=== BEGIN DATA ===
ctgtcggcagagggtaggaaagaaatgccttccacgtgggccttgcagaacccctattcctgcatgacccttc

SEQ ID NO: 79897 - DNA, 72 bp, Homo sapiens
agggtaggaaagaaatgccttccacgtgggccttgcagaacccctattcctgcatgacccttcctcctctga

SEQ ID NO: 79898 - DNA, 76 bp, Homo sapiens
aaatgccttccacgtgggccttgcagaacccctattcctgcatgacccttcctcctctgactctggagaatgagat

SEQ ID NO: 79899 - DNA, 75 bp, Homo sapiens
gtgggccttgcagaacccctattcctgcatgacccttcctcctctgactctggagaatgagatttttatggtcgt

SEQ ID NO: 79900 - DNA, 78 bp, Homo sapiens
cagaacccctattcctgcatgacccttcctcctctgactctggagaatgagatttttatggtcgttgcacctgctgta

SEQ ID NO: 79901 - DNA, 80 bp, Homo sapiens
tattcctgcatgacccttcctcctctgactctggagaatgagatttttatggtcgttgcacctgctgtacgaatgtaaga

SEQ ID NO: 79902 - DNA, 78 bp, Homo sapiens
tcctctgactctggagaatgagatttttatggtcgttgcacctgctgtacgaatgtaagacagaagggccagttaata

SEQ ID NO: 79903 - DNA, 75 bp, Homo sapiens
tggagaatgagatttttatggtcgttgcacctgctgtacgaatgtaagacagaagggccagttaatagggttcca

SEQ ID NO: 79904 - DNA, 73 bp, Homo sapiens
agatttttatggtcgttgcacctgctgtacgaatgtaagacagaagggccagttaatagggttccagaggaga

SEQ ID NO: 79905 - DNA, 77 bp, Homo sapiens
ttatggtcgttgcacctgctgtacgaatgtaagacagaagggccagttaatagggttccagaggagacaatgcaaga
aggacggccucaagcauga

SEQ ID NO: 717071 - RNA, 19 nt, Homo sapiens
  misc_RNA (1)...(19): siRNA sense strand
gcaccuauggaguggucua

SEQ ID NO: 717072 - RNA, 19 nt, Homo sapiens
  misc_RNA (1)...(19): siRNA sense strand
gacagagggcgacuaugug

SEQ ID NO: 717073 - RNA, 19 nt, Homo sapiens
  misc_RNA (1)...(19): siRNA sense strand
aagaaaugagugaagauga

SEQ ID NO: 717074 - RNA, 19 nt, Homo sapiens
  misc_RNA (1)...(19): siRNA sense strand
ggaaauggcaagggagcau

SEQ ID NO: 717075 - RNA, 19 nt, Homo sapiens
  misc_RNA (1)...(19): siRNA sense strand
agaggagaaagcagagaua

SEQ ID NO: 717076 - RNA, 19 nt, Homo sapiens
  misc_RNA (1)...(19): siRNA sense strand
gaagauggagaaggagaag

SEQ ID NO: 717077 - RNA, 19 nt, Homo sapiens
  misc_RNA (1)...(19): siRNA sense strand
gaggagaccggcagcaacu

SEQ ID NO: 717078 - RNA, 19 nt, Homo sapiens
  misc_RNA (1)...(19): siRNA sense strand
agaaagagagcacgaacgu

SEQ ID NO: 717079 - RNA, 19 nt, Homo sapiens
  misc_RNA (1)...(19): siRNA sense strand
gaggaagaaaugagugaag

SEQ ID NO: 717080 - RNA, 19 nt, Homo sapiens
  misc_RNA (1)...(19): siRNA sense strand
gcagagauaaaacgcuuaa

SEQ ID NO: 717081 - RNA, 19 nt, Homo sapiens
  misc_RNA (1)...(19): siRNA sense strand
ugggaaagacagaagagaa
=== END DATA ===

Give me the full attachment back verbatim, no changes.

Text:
ctgtcggcagagggtaggaaagaaatgccttccacgtgggccttgcagaacccctattcctgcatgacccttc

SEQ ID NO: 79897 - DNA, 72 bp, Homo sapiens
agggtaggaaagaaatgccttccacgtgggccttgcagaacccctattcctgcatgacccttcctcctctga

SEQ ID NO: 79898 - DNA, 76 bp, Homo sapiens
aaatgccttccacgtgggccttgcagaacccctattcctgcatgacccttcctcctctgactctggagaatgagat

SEQ ID NO: 79899 - DNA, 75 bp, Homo sapiens
gtgggccttgcagaacccctattcctgcatgacccttcctcctctgactctggagaatgagatttttatggtcgt

SEQ ID NO: 79900 - DNA, 78 bp, Homo sapiens
cagaacccctattcctgcatgacccttcctcctctgactctggagaatgagatttttatggtcgttgcacctgctgta

SEQ ID NO: 79901 - DNA, 80 bp, Homo sapiens
tattcctgcatgacccttcctcctctgactctggagaatgagatttttatggtcgttgcacctgctgtacgaatgtaaga

SEQ ID NO: 79902 - DNA, 78 bp, Homo sapiens
tcctctgactctggagaatgagatttttatggtcgttgcacctgctgtacgaatgtaagacagaagggccagttaata

SEQ ID NO: 79903 - DNA, 75 bp, Homo sapiens
tggagaatgagatttttatggtcgttgcacctgctgtacgaatgtaagacagaagggccagttaatagggttcca

SEQ ID NO: 79904 - DNA, 73 bp, Homo sapiens
agatttttatggtcgttgcacctgctgtacgaatgtaagacagaagggccagttaatagggttccagaggaga

SEQ ID NO: 79905 - DNA, 77 bp, Homo sapiens
ttatggtcgttgcacctgctgtacgaatgtaagacagaagggccagttaatagggttccagaggagacaatgcaaga
aggacggccucaagcauga

SEQ ID NO: 717071 - RNA, 19 nt, Homo sapiens
  misc_RNA (1)...(19): siRNA sense strand
gcaccuauggaguggucua

SEQ ID NO: 717072 - RNA, 19 nt, Homo sapiens
  misc_RNA (1)...(19): siRNA sense strand
gacagagggcgacuaugug

SEQ ID NO: 717073 - RNA, 19 nt, Homo sapiens
  misc_RNA (1)...(19): siRNA sense strand
aagaaaugagugaagauga

SEQ ID NO: 717074 - RNA, 19 nt, Homo sapiens
  misc_RNA (1)...(19): siRNA sense strand
ggaaauggcaagggagcau

SEQ ID NO: 717075 - RNA, 19 nt, Homo sapiens
  misc_RNA (1)...(19): siRNA sense strand
agaggagaaagcagagaua

SEQ ID NO: 717076 - RNA, 19 nt, Homo sapiens
  misc_RNA (1)...(19): siRNA sense strand
gaagauggagaaggagaag

SEQ ID NO: 717077 - RNA, 19 nt, Homo sapiens
  misc_RNA (1)...(19): siRNA sense strand
gaggagaccggcagcaacu

SEQ ID NO: 717078 - RNA, 19 nt, Homo sapiens
  misc_RNA (1)...(19): siRNA sense strand
agaaagagagcacgaacgu

SEQ ID NO: 717079 - RNA, 19 nt, Homo sapiens
  misc_RNA (1)...(19): siRNA sense strand
gaggaagaaaugagugaag

SEQ ID NO: 717080 - RNA, 19 nt, Homo sapiens
  misc_RNA (1)...(19): siRNA sense strand
gcagagauaaaacgcuuaa

SEQ ID NO: 717081 - RNA, 19 nt, Homo sapiens
  misc_RNA (1)...(19): siRNA sense strand
ugggaaagacagaagagaa